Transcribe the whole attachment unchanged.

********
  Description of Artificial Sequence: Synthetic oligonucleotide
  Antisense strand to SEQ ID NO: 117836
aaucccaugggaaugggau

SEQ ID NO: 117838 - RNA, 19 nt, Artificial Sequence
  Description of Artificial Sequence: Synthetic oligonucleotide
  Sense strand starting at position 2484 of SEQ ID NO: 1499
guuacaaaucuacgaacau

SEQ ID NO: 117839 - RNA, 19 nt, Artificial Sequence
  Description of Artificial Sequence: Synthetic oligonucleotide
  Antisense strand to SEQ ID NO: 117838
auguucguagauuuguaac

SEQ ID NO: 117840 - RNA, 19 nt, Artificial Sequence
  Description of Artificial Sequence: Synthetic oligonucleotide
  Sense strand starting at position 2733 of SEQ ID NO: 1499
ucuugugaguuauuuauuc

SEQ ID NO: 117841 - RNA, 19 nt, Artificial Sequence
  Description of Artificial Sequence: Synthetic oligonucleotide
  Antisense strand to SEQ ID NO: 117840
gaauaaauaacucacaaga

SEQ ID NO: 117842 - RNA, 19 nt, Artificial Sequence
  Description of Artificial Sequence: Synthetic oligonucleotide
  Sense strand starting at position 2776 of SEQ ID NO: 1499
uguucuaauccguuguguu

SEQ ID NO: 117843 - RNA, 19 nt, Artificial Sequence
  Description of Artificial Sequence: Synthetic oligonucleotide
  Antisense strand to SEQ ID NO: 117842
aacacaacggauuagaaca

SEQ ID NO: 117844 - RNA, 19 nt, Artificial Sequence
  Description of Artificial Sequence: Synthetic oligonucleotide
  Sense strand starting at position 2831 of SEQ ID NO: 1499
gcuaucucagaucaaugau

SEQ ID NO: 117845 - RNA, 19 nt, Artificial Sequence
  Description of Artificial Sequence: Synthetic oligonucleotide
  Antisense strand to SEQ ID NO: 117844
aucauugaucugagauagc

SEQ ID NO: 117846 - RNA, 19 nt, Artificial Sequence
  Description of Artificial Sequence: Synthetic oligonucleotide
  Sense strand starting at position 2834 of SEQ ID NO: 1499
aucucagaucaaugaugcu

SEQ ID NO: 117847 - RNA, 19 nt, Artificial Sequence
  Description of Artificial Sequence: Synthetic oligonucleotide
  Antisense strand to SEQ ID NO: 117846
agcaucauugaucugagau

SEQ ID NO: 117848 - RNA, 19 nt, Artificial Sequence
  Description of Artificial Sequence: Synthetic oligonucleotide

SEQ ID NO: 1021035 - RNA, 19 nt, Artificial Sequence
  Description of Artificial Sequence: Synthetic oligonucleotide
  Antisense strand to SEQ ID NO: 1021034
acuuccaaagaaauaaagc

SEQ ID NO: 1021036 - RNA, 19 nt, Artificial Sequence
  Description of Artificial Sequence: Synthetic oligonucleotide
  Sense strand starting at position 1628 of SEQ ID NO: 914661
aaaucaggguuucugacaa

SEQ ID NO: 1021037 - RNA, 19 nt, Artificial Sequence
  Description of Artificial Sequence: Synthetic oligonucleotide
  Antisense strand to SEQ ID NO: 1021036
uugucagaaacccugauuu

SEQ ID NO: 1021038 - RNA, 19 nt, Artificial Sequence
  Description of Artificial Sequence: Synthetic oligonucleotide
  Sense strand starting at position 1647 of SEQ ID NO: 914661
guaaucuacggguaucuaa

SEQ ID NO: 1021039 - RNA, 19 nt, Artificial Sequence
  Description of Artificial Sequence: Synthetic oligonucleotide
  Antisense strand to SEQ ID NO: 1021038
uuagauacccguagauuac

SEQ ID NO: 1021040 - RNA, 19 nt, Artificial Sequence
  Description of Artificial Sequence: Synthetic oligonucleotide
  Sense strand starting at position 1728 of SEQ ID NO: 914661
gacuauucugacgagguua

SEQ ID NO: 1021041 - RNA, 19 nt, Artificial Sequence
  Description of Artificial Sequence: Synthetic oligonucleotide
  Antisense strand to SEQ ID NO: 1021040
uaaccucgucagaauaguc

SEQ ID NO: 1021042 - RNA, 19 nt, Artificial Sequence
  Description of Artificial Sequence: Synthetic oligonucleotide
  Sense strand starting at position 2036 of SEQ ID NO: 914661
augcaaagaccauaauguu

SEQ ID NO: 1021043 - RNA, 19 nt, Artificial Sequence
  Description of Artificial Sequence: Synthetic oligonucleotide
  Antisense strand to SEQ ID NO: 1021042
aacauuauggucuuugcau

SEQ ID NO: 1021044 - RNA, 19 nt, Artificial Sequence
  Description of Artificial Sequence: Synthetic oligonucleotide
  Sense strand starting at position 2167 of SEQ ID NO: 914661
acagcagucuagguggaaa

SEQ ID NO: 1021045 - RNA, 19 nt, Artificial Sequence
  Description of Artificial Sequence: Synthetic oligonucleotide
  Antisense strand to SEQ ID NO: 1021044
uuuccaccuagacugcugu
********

  Description of Artificial Sequence: Synthetic oligonucleotide
  Antisense strand to SEQ ID NO: 117836
aaucccaugggaaugggau

SEQ ID NO: 117838 - RNA, 19 nt, Artificial Sequence
  Description of Artificial Sequence: Synthetic oligonucleotide
  Sense strand starting at position 2484 of SEQ ID NO: 1499
guuacaaaucuacgaacau

SEQ ID NO: 117839 - RNA, 19 nt, Artificial Sequence
  Description of Artificial Sequence: Synthetic oligonucleotide
  Antisense strand to SEQ ID NO: 117838
auguucguagauuuguaac

SEQ ID NO: 117840 - RNA, 19 nt, Artificial Sequence
  Description of Artificial Sequence: Synthetic oligonucleotide
  Sense strand starting at position 2733 of SEQ ID NO: 1499
ucuugugaguuauuuauuc

SEQ ID NO: 117841 - RNA, 19 nt, Artificial Sequence
  Description of Artificial Sequence: Synthetic oligonucleotide
  Antisense strand to SEQ ID NO: 117840
gaauaaauaacucacaaga

SEQ ID NO: 117842 - RNA, 19 nt, Artificial Sequence
  Description of Artificial Sequence: Synthetic oligonucleotide
  Sense strand starting at position 2776 of SEQ ID NO: 1499
uguucuaauccguuguguu

SEQ ID NO: 117843 - RNA, 19 nt, Artificial Sequence
  Description of Artificial Sequence: Synthetic oligonucleotide
  Antisense strand to SEQ ID NO: 117842
aacacaacggauuagaaca

SEQ ID NO: 117844 - RNA, 19 nt, Artificial Sequence
  Description of Artificial Sequence: Synthetic oligonucleotide
  Sense strand starting at position 2831 of SEQ ID NO: 1499
gcuaucucagaucaaugau

SEQ ID NO: 117845 - RNA, 19 nt, Artificial Sequence
  Description of Artificial Sequence: Synthetic oligonucleotide
  Antisense strand to SEQ ID NO: 117844
aucauugaucugagauagc

SEQ ID NO: 117846 - RNA, 19 nt, Artificial Sequence
  Description of Artificial Sequence: Synthetic oligonucleotide
  Sense strand starting at position 2834 of SEQ ID NO: 1499
aucucagaucaaugaugcu

SEQ ID NO: 117847 - RNA, 19 nt, Artificial Sequence
  Description of Artificial Sequence: Synthetic oligonucleotide
  Antisense strand to SEQ ID NO: 117846
agcaucauugaucugagau

SEQ ID NO: 117848 - RNA, 19 nt, Artificial Sequence
  Description of Artificial Sequence: Synthetic oligonucleotide

SEQ ID NO: 1021035 - RNA, 19 nt, Artificial Sequence
  Description of Artificial Sequence: Synthetic oligonucleotide
  Antisense strand to SEQ ID NO: 1021034
acuuccaaagaaauaaagc

SEQ ID NO: 1021036 - RNA, 19 nt, Artificial Sequence
  Description of Artificial Sequence: Synthetic oligonucleotide
  Sense strand starting at position 1628 of SEQ ID NO: 914661
aaaucaggguuucugacaa

SEQ ID NO: 1021037 - RNA, 19 nt, Artificial Sequence
  Description of Artificial Sequence: Synthetic oligonucleotide
  Antisense strand to SEQ ID NO: 1021036
uugucagaaacccugauuu

SEQ ID NO: 1021038 - RNA, 19 nt, Artificial Sequence
  Description of Artificial Sequence: Synthetic oligonucleotide
  Sense strand starting at position 1647 of SEQ ID NO: 914661
guaaucuacggguaucuaa

SEQ ID NO: 1021039 - RNA, 19 nt, Artificial Sequence
  Description of Artificial Sequence: Synthetic oligonucleotide
  Antisense strand to SEQ ID NO: 1021038
uuagauacccguagauuac

SEQ ID NO: 1021040 - RNA, 19 nt, Artificial Sequence
  Description of Artificial Sequence: Synthetic oligonucleotide
  Sense strand starting at position 1728 of SEQ ID NO: 914661
gacuauucugacgagguua

SEQ ID NO: 1021041 - RNA, 19 nt, Artificial Sequence
  Description of Artificial Sequence: Synthetic oligonucleotide
  Antisense strand to SEQ ID NO: 1021040
uaaccucgucagaauaguc

SEQ ID NO: 1021042 - RNA, 19 nt, Artificial Sequence
  Description of Artificial Sequence: Synthetic oligonucleotide
  Sense strand starting at position 2036 of SEQ ID NO: 914661
augcaaagaccauaauguu

SEQ ID NO: 1021043 - RNA, 19 nt, Artificial Sequence
  Description of Artificial Sequence: Synthetic oligonucleotide
  Antisense strand to SEQ ID NO: 1021042
aacauuauggucuuugcau

SEQ ID NO: 1021044 - RNA, 19 nt, Artificial Sequence
  Description of Artificial Sequence: Synthetic oligonucleotide
  Sense strand starting at position 2167 of SEQ ID NO: 914661
acagcagucuagguggaaa

SEQ ID NO: 1021045 - RNA, 19 nt, Artificial Sequence
  Description of Artificial Sequence: Synthetic oligonucleotide
  Antisense strand to SEQ ID NO: 1021044
uuuccaccuagacugcugu